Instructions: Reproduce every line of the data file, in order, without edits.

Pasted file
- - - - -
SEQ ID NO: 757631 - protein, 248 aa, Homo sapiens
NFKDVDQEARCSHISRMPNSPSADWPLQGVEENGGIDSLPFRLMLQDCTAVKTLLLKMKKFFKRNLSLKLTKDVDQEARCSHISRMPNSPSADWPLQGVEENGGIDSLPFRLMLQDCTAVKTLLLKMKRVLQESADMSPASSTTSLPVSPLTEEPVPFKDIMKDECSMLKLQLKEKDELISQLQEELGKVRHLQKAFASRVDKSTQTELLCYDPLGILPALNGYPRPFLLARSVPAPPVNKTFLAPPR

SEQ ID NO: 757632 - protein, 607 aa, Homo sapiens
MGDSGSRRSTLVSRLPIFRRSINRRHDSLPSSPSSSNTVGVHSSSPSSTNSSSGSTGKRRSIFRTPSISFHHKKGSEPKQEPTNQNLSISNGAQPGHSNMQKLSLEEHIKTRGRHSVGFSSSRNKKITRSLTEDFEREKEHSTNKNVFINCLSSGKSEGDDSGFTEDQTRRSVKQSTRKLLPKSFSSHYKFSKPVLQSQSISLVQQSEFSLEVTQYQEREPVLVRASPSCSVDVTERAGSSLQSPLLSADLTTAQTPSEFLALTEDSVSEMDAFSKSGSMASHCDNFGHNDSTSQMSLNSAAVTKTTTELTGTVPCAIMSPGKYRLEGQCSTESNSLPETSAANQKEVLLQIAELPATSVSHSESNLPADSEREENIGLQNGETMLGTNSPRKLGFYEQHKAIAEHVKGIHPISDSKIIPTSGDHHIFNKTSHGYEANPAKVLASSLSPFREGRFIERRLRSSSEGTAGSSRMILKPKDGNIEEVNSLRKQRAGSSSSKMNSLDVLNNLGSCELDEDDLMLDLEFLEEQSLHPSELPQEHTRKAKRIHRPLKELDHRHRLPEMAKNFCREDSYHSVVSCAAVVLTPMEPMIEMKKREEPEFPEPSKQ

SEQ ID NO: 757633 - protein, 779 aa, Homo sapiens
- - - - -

SEQ ID NO: 757631 - protein, 248 aa, Homo sapiens
NFKDVDQEARCSHISRMPNSPSADWPLQGVEENGGIDSLPFRLMLQDCTAVKTLLLKMKKFFKRNLSLKLTKDVDQEARCSHISRMPNSPSADWPLQGVEENGGIDSLPFRLMLQDCTAVKTLLLKMKRVLQESADMSPASSTTSLPVSPLTEEPVPFKDIMKDECSMLKLQLKEKDELISQLQEELGKVRHLQKAFASRVDKSTQTELLCYDPLGILPALNGYPRPFLLARSVPAPPVNKTFLAPPR

SEQ ID NO: 757632 - protein, 607 aa, Homo sapiens
MGDSGSRRSTLVSRLPIFRRSINRRHDSLPSSPSSSNTVGVHSSSPSSTNSSSGSTGKRRSIFRTPSISFHHKKGSEPKQEPTNQNLSISNGAQPGHSNMQKLSLEEHIKTRGRHSVGFSSSRNKKITRSLTEDFEREKEHSTNKNVFINCLSSGKSEGDDSGFTEDQTRRSVKQSTRKLLPKSFSSHYKFSKPVLQSQSISLVQQSEFSLEVTQYQEREPVLVRASPSCSVDVTERAGSSLQSPLLSADLTTAQTPSEFLALTEDSVSEMDAFSKSGSMASHCDNFGHNDSTSQMSLNSAAVTKTTTELTGTVPCAIMSPGKYRLEGQCSTESNSLPETSAANQKEVLLQIAELPATSVSHSESNLPADSEREENIGLQNGETMLGTNSPRKLGFYEQHKAIAEHVKGIHPISDSKIIPTSGDHHIFNKTSHGYEANPAKVLASSLSPFREGRFIERRLRSSSEGTAGSSRMILKPKDGNIEEVNSLRKQRAGSSSSKMNSLDVLNNLGSCELDEDDLMLDLEFLEEQSLHPSELPQEHTRKAKRIHRPLKELDHRHRLPEMAKNFCREDSYHSVVSCAAVVLTPMEPMIEMKKREEPEFPEPSKQ

SEQ ID NO: 757633 - protein, 779 aa, Homo sapiens